Infrastructure Developments – Private or Public Enterprise?
By and large, modern political thought doesn’t speak well of the Victorians; not entirely fairly, I feel. I’m not going to stick my head in the lion’s mouth and dare to suggest that the Empire was perhaps not all bad – after all, I don’t want the same screeching squadrons of right-on SJWs to descend on me as they did on Professor Nigel Biggar (Oxford University, theology) when he had the effrontery to suggest that there was good as well as bad…..or at least, that one could openly discuss the truth or otherwise of that idea.
What interests me is the development of infrastructure during the period. Canals and roads as means of transport were largely a product of the eighteenth century, but with the industrial revolution gathering pace and Britain becoming the ‘workshop of the world’ with the need to transport goods internally, to the Empire and eventually to the world, the level of technical innovation was remarkable. Brunel’s genius spanned everything – tunnels, bridges, railways, ships, and Bazalgette’s construction of the sewerage system under London banished the Great Stink once and for all. (Incidentally, it was Brunel who developed the theory that the amount a ship could carry increases as the cube of its dimensions, whereas the water resistance increaseds only as the square, thus demonstrating that larger ships should be more fuel-efficient.) Over the course of the Victorian era, Britain’s infrastructure became the world’s gold standard. So maybe they were doing something right.
Well, that’s a rose-tinted past; what we have today is over-congested, underfunded roads and railways, moving people and goods around the country is a serious challenge and Bazalgette’s sewer is crumbling through lack of maintenance. It takes longer to decide where to put a new airport runway than it takes other nations to build the entire project from scratch, we threaten to spend billions on a high-speed rail link of dubious value and yet nobody can find the money or time to mend the potholes in the roads. Brunel, who should be one of our most celebrated historical figures, is probably spinning in his grave.
Why talk about all this now? Well, there’s a major infrastructure challenge coming very quickly, and the UK doesn’t seem to be leading the charge. The latest figures concerning the availability of electric vehicle charging doesn’t flatter the UK. There are, of course, different parameters one can use in measuring access to charging. The obvious ones are the absolute number of units, the number per 100000 of population, the number of vehicles per unit and the breadth of distribution. The latest survey focuses on the number of vehicles per charging point; in this context, it is important to remember that this is purely public charging points, and that behaviours will vary. For example, my own car is a plug-in hybrid, which also regenerates, so actually – as I have a charger at home – I hardly ever use a public one (except as a way of finding a parking space, I will admit). I suspect that I am typical of quite a lot of hybrid vehicle owners, which obviously will have an impact on the statistics.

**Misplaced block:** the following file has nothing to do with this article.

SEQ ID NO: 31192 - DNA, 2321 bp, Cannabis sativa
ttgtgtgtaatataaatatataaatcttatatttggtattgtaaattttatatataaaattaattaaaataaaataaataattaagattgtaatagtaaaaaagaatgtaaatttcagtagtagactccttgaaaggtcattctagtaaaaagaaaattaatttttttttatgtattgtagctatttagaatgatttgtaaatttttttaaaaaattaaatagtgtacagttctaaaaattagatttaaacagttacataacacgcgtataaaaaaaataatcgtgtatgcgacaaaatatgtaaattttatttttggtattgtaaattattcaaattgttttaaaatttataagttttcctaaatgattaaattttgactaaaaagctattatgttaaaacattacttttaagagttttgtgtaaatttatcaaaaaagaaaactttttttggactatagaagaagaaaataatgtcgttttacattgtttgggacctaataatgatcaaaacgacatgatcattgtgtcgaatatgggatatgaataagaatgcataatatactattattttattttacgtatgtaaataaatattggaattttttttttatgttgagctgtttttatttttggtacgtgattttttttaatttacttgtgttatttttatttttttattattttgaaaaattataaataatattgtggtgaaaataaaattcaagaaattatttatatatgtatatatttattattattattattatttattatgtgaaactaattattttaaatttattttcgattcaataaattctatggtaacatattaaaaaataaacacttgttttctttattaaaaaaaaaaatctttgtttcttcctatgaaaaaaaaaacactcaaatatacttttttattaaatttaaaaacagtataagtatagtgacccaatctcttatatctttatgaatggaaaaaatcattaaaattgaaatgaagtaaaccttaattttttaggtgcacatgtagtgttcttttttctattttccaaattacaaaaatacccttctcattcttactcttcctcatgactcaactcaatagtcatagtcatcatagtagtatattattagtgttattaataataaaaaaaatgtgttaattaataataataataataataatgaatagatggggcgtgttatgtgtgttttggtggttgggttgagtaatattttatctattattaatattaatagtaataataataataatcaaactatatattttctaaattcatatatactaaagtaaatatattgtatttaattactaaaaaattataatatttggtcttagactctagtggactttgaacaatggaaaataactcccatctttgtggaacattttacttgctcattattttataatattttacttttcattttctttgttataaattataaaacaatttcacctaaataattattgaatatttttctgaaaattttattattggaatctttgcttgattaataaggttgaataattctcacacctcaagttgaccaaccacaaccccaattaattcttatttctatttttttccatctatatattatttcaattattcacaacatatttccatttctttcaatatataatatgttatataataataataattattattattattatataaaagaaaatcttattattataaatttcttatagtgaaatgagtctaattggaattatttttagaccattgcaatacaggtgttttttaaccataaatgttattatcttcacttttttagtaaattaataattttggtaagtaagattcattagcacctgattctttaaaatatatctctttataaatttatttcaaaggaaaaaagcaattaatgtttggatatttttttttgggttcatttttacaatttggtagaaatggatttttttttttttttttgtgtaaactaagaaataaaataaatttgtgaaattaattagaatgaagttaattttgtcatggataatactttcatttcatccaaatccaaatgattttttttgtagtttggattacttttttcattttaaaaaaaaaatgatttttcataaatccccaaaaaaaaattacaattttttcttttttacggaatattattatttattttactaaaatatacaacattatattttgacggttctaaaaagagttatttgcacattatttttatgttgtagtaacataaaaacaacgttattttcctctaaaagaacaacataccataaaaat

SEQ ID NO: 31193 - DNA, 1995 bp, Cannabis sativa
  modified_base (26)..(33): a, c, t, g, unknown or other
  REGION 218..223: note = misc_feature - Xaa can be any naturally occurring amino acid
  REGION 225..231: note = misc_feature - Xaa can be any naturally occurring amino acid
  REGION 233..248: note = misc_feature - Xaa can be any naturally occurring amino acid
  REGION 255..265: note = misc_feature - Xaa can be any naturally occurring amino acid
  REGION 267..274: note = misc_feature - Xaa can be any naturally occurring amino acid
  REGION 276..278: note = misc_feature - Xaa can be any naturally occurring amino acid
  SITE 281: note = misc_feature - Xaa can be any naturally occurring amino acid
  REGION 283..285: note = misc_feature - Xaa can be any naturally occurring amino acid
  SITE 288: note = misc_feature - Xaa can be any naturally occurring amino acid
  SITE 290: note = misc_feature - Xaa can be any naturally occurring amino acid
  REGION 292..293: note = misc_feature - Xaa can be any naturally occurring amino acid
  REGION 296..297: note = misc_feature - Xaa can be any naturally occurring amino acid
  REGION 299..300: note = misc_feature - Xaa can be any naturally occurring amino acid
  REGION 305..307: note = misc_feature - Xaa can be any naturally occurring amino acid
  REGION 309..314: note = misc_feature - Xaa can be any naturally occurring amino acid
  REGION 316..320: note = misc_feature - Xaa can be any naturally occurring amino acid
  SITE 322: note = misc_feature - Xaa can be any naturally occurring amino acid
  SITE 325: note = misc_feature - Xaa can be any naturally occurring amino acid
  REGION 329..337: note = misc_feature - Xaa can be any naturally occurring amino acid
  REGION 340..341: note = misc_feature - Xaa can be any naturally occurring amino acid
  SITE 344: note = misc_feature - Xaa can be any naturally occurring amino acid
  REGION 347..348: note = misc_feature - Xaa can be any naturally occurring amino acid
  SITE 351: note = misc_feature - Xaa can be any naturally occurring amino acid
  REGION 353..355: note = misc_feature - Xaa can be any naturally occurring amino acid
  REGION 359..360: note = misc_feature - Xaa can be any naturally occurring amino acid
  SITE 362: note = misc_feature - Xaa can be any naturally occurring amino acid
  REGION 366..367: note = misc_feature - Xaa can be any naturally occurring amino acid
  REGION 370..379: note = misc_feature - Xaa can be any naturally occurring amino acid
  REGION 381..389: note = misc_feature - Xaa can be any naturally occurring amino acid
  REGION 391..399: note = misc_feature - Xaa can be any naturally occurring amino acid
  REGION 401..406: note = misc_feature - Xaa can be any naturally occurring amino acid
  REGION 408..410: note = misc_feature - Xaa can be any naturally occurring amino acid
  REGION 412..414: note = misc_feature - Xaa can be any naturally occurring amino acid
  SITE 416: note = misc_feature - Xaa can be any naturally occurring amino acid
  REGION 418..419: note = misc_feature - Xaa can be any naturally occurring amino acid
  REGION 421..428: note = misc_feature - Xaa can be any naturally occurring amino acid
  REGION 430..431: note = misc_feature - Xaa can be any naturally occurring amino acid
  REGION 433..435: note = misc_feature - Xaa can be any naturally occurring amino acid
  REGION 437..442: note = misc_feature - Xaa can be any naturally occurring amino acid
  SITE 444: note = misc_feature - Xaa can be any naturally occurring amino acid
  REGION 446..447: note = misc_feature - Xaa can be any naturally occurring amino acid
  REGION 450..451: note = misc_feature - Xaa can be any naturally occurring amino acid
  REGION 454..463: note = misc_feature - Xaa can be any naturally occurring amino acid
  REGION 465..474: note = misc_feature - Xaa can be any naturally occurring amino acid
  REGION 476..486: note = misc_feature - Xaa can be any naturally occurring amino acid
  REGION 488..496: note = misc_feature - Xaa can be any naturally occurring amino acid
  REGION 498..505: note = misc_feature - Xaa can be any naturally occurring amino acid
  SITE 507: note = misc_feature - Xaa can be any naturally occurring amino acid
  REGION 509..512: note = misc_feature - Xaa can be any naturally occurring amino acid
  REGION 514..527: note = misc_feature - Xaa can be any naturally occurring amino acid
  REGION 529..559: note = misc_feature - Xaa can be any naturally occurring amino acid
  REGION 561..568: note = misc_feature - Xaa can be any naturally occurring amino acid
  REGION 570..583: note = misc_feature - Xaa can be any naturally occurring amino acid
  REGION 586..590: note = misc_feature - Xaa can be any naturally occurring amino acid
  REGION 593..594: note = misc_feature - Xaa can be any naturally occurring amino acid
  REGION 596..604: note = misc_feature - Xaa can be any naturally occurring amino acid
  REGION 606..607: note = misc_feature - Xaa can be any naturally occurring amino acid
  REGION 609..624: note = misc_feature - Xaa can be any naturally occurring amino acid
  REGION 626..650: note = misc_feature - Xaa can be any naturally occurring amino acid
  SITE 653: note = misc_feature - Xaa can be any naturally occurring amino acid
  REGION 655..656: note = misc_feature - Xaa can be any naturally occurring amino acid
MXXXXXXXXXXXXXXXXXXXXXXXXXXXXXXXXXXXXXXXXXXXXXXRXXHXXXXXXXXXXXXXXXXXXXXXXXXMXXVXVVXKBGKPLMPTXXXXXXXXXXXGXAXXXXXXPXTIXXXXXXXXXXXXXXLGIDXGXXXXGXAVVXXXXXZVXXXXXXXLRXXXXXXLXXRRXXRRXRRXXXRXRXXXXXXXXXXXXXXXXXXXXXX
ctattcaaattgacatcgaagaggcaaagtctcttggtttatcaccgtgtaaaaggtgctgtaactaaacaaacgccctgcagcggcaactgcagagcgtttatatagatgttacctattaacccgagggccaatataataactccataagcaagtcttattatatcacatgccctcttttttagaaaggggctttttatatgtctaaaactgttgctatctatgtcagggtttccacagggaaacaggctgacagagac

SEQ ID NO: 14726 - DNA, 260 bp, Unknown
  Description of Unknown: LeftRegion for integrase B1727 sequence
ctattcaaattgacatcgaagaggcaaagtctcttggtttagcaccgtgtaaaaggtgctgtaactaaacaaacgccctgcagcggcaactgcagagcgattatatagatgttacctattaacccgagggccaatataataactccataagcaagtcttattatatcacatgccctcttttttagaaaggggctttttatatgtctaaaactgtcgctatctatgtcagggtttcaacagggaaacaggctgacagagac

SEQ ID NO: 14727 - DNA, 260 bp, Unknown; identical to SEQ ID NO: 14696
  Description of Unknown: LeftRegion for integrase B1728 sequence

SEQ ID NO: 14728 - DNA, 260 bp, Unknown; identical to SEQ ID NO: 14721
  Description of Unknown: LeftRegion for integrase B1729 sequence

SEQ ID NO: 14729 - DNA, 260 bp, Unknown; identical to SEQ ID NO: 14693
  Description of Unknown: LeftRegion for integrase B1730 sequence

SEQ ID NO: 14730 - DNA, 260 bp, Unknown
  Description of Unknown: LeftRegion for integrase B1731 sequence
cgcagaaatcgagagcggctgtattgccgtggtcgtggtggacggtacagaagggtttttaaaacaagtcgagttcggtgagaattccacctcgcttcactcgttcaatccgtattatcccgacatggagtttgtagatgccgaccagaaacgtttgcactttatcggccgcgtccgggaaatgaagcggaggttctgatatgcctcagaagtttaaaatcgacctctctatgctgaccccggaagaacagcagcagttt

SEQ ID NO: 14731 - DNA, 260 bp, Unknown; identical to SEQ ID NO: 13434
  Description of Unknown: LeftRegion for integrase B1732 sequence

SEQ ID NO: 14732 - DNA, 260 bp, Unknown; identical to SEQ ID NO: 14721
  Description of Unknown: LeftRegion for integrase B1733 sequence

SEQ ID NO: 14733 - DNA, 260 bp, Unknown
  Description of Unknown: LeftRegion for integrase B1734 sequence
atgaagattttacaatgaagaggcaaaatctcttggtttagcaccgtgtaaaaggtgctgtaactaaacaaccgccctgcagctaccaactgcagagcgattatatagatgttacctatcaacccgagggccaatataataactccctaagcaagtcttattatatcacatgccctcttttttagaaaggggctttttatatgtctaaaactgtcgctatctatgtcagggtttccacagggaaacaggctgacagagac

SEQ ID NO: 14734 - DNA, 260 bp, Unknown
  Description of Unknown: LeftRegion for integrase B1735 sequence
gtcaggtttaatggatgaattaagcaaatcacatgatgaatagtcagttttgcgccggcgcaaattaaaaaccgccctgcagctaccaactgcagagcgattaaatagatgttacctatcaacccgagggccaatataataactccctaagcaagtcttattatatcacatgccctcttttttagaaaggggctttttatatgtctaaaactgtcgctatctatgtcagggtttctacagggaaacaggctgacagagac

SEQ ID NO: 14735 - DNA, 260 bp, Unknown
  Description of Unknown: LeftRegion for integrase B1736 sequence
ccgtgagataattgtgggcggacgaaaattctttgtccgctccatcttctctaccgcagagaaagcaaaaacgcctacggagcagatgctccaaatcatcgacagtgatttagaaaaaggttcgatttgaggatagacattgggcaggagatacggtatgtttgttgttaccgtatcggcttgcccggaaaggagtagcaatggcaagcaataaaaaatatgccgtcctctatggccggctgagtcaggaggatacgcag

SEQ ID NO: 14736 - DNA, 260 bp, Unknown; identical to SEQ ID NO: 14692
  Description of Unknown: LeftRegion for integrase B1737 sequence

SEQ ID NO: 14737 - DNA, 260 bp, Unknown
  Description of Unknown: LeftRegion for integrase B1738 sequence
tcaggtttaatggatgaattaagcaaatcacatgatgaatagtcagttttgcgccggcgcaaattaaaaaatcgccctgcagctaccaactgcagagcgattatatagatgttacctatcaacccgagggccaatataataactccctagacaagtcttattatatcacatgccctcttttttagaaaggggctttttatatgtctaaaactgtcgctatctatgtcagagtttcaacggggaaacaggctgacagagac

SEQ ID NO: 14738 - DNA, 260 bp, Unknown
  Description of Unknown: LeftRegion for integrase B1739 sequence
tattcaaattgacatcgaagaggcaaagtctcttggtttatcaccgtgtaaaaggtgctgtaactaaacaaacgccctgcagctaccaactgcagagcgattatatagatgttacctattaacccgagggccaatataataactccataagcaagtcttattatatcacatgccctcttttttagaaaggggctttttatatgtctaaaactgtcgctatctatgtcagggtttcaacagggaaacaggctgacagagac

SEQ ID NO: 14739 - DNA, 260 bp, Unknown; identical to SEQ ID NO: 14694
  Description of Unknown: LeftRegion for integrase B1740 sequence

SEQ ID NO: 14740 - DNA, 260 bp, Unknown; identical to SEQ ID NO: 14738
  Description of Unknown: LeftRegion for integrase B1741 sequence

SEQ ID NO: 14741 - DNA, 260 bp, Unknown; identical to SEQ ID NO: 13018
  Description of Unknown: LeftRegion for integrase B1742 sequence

Nevertheless, we can look at the numbers; in the UK, we have ten cars per charging point, which is actually in line with the EU’s recommendation. However, before getting too excited about that, bear in mind that the number of vehicles in the UK is around 133000; that is forecast ( by Chargemaster) to grow to around one million by 2022. That would imply a need for a similar growth in charging points; so far, the UK government, which incidentally has pledged “to put Britain at the forefront of the design and manufacturing of zero-emission vehicles”, is proposing a £106 million package for projects developing batteries, vehicles and refuelling technology. Hmm….I don’t think that will go too far…… Meantime, the average car per charger in the rest of the EU is around six, with the Netherlands heading the table with about three. Only Austria and Luxembourg, in the EU, have a higher number of cars per charger than the UK. And with all due respect to J-C Juncker, Luxembourg is statistically insignificant in this due to its small size, meaning that most inhabitants of the Grand Duchy can just slip across the border to top up with some of that free German power…… The UK frankly doesn’t look well-placed, despite the protestations to the contrary of our esteemed? Transport Secretary.
There is some good news, though. Williams Grand Prix Holdings (as in Frank Williams Formula One team) has announced a joint venture with Unipart to manufacture high-powered batteries, initially for Aston Martin but then, all being well, for other Uk car manufacturers like Jaguar Land Rover, Rolls-Royce and Bentley. They are aiming for a battery with twice the power – thus, crudely, half the charging time – of those used by Tesla. Shorter charging times obviously also affect the demand on charging points.
So what do Brunel and Frank Williams have in common when it comes to developments for transport infrastructure? They aren’t the government – they are free enterprise. Although I should add to that statement that the joint venture (Hyperbat, which actually sounds like what gets in to the rafters of the hall in my house in early summer) was in fact first set up under the auspices of a government operation, Warwick University’s Advanced Propulsion Centre; but the development comes from the private sector.